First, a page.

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American Handgunner March/April 2010 - Page 42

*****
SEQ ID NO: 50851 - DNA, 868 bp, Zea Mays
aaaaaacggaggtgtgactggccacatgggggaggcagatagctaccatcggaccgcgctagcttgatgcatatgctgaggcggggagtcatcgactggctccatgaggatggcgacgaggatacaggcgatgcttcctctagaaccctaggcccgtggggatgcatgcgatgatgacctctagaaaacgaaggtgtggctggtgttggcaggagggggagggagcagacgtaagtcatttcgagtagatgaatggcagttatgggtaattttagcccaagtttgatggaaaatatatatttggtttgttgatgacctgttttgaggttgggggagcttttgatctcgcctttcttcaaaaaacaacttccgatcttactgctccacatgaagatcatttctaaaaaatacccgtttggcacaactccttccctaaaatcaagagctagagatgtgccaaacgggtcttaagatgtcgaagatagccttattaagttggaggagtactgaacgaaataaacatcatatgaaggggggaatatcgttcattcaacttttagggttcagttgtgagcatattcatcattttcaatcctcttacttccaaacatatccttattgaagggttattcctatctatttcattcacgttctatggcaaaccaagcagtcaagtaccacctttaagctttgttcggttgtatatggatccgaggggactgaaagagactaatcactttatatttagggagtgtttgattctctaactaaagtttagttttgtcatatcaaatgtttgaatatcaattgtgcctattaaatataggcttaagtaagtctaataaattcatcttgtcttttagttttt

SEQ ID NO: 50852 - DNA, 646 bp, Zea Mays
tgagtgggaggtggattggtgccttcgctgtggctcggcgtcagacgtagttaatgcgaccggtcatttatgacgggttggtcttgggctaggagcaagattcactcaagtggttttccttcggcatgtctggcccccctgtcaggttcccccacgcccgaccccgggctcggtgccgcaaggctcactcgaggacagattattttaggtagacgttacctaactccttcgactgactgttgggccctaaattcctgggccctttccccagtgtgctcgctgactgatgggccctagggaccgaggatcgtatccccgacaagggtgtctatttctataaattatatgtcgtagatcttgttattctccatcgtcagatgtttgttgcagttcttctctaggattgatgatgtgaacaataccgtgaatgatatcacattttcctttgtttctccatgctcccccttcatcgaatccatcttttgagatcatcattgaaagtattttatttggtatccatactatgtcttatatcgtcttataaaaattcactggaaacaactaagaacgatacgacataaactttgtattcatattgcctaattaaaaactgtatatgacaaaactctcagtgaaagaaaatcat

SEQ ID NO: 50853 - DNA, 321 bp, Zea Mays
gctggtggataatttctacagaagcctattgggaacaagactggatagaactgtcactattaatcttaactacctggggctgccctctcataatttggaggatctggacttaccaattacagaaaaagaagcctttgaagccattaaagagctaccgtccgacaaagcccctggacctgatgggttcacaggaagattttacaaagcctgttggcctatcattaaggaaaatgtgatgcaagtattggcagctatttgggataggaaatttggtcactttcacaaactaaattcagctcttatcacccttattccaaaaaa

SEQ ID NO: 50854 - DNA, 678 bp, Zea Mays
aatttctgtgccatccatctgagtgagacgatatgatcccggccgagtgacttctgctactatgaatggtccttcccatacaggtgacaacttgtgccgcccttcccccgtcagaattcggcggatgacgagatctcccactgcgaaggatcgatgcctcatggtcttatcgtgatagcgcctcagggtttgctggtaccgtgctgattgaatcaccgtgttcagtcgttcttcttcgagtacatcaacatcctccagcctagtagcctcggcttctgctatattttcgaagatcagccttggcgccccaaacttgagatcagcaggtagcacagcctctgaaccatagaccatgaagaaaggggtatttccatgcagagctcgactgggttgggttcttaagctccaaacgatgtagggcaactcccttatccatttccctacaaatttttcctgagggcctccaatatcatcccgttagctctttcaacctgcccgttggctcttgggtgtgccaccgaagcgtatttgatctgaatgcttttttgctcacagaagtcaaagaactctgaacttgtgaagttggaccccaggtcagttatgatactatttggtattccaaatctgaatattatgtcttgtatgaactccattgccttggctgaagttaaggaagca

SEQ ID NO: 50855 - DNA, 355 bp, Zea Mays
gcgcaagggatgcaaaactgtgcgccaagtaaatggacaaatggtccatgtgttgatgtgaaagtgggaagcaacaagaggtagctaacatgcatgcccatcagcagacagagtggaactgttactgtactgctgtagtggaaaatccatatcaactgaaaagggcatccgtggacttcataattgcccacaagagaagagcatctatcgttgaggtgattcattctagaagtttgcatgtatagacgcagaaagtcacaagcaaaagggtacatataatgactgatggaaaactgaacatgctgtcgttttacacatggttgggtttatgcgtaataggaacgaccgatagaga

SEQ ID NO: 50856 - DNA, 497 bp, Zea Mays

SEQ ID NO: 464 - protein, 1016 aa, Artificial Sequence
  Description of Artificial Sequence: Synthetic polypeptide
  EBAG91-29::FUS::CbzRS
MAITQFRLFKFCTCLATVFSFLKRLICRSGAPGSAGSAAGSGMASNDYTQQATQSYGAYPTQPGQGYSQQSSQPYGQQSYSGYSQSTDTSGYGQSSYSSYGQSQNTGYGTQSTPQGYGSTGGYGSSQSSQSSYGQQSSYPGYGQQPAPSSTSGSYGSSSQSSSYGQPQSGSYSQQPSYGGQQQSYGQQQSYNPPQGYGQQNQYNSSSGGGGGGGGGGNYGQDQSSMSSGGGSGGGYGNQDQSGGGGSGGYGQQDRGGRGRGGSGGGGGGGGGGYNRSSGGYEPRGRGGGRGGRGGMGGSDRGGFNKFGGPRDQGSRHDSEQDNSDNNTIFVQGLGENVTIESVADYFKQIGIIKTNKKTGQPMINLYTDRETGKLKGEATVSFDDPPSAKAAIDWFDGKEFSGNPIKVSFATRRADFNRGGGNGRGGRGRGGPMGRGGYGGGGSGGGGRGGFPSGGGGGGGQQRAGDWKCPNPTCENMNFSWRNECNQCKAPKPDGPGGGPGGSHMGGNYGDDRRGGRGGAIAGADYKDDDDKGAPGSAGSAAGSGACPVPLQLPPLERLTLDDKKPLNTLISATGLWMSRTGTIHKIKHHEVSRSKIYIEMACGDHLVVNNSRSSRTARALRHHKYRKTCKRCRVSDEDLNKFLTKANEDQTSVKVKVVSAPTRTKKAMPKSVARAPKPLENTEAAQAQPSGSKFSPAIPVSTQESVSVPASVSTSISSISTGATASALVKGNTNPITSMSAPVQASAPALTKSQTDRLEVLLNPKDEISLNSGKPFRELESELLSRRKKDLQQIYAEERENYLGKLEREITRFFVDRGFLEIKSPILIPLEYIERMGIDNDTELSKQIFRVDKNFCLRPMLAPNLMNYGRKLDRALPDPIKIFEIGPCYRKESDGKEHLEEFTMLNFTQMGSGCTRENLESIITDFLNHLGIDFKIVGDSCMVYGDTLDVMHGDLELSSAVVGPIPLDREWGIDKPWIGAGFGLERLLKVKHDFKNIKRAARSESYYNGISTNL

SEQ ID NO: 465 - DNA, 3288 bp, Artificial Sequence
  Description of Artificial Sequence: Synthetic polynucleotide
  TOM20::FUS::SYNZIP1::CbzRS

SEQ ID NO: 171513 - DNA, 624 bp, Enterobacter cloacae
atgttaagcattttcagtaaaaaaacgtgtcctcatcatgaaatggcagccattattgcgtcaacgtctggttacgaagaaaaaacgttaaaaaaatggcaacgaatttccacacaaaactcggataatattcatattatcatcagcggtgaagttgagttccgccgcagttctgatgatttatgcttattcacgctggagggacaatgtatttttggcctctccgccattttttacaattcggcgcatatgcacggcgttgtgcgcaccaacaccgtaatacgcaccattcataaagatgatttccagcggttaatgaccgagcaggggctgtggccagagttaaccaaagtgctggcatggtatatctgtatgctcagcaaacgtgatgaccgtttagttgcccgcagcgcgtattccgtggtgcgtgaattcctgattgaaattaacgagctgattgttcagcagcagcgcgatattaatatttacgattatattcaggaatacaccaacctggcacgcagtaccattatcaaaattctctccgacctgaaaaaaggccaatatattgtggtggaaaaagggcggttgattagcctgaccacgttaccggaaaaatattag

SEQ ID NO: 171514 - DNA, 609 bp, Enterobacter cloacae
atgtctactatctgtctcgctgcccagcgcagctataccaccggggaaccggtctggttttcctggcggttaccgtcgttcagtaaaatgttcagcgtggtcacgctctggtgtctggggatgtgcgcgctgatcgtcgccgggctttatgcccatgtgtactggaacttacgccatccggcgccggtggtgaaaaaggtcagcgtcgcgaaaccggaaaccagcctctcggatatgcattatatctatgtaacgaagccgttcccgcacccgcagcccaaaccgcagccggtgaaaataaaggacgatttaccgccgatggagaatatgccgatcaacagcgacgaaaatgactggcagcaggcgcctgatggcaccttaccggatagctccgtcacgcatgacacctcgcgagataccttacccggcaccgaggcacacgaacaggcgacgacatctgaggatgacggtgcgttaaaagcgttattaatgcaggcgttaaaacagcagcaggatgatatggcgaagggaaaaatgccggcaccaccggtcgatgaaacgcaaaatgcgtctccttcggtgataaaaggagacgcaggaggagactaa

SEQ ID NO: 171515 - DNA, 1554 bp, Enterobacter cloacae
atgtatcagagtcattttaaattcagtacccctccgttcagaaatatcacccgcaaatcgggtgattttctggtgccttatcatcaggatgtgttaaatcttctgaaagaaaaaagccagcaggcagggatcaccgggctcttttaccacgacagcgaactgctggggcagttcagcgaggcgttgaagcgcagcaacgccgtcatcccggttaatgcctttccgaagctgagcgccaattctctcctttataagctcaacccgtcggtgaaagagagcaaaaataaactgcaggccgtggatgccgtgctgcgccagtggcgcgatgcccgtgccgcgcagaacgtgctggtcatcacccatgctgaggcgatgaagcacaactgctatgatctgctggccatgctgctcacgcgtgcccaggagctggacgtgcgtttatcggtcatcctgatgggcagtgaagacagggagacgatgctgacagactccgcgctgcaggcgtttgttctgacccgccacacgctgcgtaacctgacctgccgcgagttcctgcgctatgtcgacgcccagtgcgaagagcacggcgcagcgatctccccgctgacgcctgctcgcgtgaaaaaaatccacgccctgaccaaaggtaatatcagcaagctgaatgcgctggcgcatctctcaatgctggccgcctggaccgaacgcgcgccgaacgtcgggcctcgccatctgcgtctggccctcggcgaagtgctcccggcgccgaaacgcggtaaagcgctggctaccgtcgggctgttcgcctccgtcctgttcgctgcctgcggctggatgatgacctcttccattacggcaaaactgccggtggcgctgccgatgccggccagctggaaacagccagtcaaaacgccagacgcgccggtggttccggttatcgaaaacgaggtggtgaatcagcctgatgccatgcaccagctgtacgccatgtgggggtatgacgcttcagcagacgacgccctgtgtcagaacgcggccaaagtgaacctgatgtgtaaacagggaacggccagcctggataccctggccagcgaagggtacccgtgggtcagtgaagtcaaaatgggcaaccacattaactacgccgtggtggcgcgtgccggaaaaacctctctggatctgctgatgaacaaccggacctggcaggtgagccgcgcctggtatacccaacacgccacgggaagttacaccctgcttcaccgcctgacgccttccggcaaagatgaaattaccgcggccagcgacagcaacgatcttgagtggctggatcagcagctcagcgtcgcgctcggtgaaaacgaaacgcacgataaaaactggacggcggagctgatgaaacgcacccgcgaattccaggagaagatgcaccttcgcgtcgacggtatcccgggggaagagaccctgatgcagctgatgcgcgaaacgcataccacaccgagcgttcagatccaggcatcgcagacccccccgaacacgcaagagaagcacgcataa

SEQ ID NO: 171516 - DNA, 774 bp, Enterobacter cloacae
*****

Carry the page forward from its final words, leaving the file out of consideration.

WINNINGEDGE Dave Anderson SOLID ADVICE TO KEEP YOU AHEAD OF THE COMPETITION Glocken-TexTure rtF Meets rL-1 he Glock RTF (Rough Texture Finish, get it?) is a recent version of the tremendously popular Glock design. The grip frame carries a fine stippling design and the slide has a different pattern for the cocking serrations. Long-time Glock fans will probably consider the changes primarily cosmetic, and they will be right. There are no changes in construction materials, operating features or controls for the very good reason none were needed. Glock Left, my 2nd generation Glock 22, right, the Glock 22 RTF. got those features right the first time. Main differences are in the Actually over the last quarter-century the 1911 grip frame, RTF also has the has changed more than the Glock has. It used to accessory rail and a smoother, be routine to buy a “base” 1911 and immediately better looking slide finish. send it to a pistolsmith for custom work — throat barrel, polish feedramp, lower ejection port, do trigger job, bevel mag well, checker frontstrap, add high-visibility sights, beavertail grip safety, extended thumb safety and the rest. Many modern 1911s have such features out of the box. I can recall back in the 1960s and 1970s when some writers and officers began pushing for autopistols over revolvers. Much was made about revolvers being obsolete, holding too few rounds, slow to reload and hard to shoot with their long, heavy trigger pulls. It seemed the way to promote autopistols was to sneer at revolvers. T The double action he Glock people seemed to revolver, such as understand something others the S&W M&P in the overlooked — cops didn’t hate background was the quintessential police sidearm of their revolvers. Cops didn’t stick with the 20th century. The Glock revolvers out of blind conservatism, 22 is currently the most or because they were unaware of popular police handgun. autopistols. They stuck with revolvers for very good reasons. The revolver was simple to operate, even under the pressure of extreme stress, simply a point-gun, pulltrigger thing. And, it was reliable, even with the hollowpoint bullets which were catching on in the 1970s. As for the long, heavy trigger pull; as the software techies say, that’s not a bug, it’s a feature. Match shooters and hunters like light, crisp triggers. The purpose of our pistols is to shoot. The purpose of the law enforcement handgun is threat management. It will be used under the most extreme stress, with adrenaline levels high, reducing fine motor skills. It needs a pull which requires a deliberate, conscious decision to fire. Shortcomings? Cops would have liked more than six rounds in the gun, and faster reloading should the gun run dry. But not The LaserLyte RL-1 if it meant giving up what they already had. So, Glock gave the fits the rear sight law enforcement community what it wanted. Glocks are easy to dovetail notch of operate — point-gun, pull-trigger. The Safe Action trigger is a Glock slides. bit different in feel from a DA revolver but also requires a long, relatively heavy pull. With a tough rust-resistant finish Glocks are easy to maintain. Most important of all, Glocks quickly earned a reputation for reliability. Finally, by using modern manufacturing techniques, keeping profit margins per pistol low and counting on volume sales to provide an investment return, Glock was able to make their pistols affordable. Glock pistols, in terms of performance and quality for the price, are an amazing bargain. NoTices T Glock unctionally, the RTF is the wellproven Glock design. If you have a recent Glock with the accessory frame rail there’s not much need to upgrade. If you’re looking for a new Glock, I definitely like the RTF features. The grip frame is very secure, the cocking serration pattern works fine and esthetically, the slide finish is smoother and to my eye more attractive. The RTF proved 100-percent reliable (big surprise). It was also a bit more accurate than my older Glocks in .40 S&W. Groups (five rounds/25 yards) were consistently less than 4" with an average closer to 3". The trigger pull was smooth and consistent at just over six pounds, and overall, a worthwhile upgrade of a proven classic. The Glock shown wears the LaserLyte RL-1 rear sight. It seems incredible LaserLyte was able to pack so many features into such a small package. The RL-1 incorporates an adjustable laser unit, battery pack, switch (off, continuous on, pulsating on), and conventional notched rear sight. Installation is a simple matter of removing the standard Glock sight and tapping the RL-1 in. Move the sight laterally while sighting in until windage is adjusted, then lock it in place with the Allen screw. Once the open sight is adjusted, use fine Allen screws on the laser unit to get it aligned. The RL-1 impressed me as a well made, quality product. It adds nothing to the weight or bulk of the gun, yet provides the advantages of laser aiming at the push of a button. Battery life is estimated at one hour (continuous), or two hours (pulsating). Obviously you can’t leave it on all the time, but the “on” button is easy to reach. It’s about $200 at MSRP. With practice it could become as easy to use as the gun is being drawn and raised as snicking a safety off. More importantly, being essentially a “back-up” sighting system, you would turn it on as needed. I haven’t shot it enough to comment on longterm reliability but it’s functioned perfectly so far for 300+ rounds. F * For more info: www.americanhandgunner.com/productindex.html 42 WWW.AMERICANHANDGUNNER.COM • MARCH/APRIL2010